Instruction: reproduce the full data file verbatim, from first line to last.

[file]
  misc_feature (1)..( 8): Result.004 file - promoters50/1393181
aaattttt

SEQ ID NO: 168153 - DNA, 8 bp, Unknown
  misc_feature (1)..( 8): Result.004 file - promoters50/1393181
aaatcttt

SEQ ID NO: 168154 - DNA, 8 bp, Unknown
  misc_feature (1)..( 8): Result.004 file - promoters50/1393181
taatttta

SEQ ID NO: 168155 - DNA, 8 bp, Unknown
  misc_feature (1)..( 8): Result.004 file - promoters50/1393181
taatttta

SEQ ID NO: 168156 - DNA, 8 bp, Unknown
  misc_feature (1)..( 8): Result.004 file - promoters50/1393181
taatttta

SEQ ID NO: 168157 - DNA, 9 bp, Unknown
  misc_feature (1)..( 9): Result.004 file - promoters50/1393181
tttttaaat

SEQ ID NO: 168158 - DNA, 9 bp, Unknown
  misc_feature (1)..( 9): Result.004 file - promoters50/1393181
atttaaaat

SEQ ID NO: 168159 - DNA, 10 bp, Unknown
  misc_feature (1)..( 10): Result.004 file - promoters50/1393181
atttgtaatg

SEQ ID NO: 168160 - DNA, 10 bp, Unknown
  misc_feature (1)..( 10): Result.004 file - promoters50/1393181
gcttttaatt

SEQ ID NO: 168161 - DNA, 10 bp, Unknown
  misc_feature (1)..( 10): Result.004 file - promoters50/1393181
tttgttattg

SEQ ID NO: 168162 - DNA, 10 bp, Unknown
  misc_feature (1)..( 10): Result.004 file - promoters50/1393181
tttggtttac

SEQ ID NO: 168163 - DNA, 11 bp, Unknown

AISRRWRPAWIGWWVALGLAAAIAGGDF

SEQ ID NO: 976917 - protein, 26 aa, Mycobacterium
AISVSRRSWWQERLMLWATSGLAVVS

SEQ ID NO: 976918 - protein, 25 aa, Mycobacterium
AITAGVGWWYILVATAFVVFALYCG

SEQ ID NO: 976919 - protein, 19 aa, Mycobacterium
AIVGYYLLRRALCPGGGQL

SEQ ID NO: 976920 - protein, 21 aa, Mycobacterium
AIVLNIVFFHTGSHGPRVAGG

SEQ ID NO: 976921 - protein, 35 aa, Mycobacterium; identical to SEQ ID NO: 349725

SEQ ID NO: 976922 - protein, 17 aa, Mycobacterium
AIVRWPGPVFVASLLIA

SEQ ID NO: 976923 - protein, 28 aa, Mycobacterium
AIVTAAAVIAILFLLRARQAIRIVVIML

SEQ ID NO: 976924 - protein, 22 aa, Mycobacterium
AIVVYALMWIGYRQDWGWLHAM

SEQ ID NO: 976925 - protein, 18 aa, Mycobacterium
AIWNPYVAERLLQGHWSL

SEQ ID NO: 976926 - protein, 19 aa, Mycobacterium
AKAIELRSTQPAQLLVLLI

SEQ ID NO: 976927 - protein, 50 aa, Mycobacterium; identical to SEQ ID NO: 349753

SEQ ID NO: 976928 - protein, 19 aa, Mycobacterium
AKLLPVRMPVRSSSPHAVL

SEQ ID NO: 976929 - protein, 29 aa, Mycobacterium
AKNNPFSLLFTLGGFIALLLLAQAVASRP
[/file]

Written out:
  misc_feature (1)..( 8): Result.004 file - promoters50/1393181
aaattttt

SEQ ID NO: 168153 - DNA, 8 bp, Unknown
  misc_feature (1)..( 8): Result.004 file - promoters50/1393181
aaatcttt

SEQ ID NO: 168154 - DNA, 8 bp, Unknown
  misc_feature (1)..( 8): Result.004 file - promoters50/1393181
taatttta

SEQ ID NO: 168155 - DNA, 8 bp, Unknown
  misc_feature (1)..( 8): Result.004 file - promoters50/1393181
taatttta

SEQ ID NO: 168156 - DNA, 8 bp, Unknown
  misc_feature (1)..( 8): Result.004 file - promoters50/1393181
taatttta

SEQ ID NO: 168157 - DNA, 9 bp, Unknown
  misc_feature (1)..( 9): Result.004 file - promoters50/1393181
tttttaaat

SEQ ID NO: 168158 - DNA, 9 bp, Unknown
  misc_feature (1)..( 9): Result.004 file - promoters50/1393181
atttaaaat

SEQ ID NO: 168159 - DNA, 10 bp, Unknown
  misc_feature (1)..( 10): Result.004 file - promoters50/1393181
atttgtaatg

SEQ ID NO: 168160 - DNA, 10 bp, Unknown
  misc_feature (1)..( 10): Result.004 file - promoters50/1393181
gcttttaatt

SEQ ID NO: 168161 - DNA, 10 bp, Unknown
  misc_feature (1)..( 10): Result.004 file - promoters50/1393181
tttgttattg

SEQ ID NO: 168162 - DNA, 10 bp, Unknown
  misc_feature (1)..( 10): Result.004 file - promoters50/1393181
tttggtttac

SEQ ID NO: 168163 - DNA, 11 bp, Unknown

AISRRWRPAWIGWWVALGLAAAIAGGDF

SEQ ID NO: 976917 - protein, 26 aa, Mycobacterium
AISVSRRSWWQERLMLWATSGLAVVS

SEQ ID NO: 976918 - protein, 25 aa, Mycobacterium
AITAGVGWWYILVATAFVVFALYCG

SEQ ID NO: 976919 - protein, 19 aa, Mycobacterium
AIVGYYLLRRALCPGGGQL

SEQ ID NO: 976920 - protein, 21 aa, Mycobacterium
AIVLNIVFFHTGSHGPRVAGG

SEQ ID NO: 976921 - protein, 35 aa, Mycobacterium; identical to SEQ ID NO: 349725

SEQ ID NO: 976922 - protein, 17 aa, Mycobacterium
AIVRWPGPVFVASLLIA

SEQ ID NO: 976923 - protein, 28 aa, Mycobacterium
AIVTAAAVIAILFLLRARQAIRIVVIML

SEQ ID NO: 976924 - protein, 22 aa, Mycobacterium
AIVVYALMWIGYRQDWGWLHAM

SEQ ID NO: 976925 - protein, 18 aa, Mycobacterium
AIWNPYVAERLLQGHWSL

SEQ ID NO: 976926 - protein, 19 aa, Mycobacterium
AKAIELRSTQPAQLLVLLI

SEQ ID NO: 976927 - protein, 50 aa, Mycobacterium; identical to SEQ ID NO: 349753

SEQ ID NO: 976928 - protein, 19 aa, Mycobacterium
AKLLPVRMPVRSSSPHAVL

SEQ ID NO: 976929 - protein, 29 aa, Mycobacterium
AKNNPFSLLFTLGGFIALLLLAQAVASRP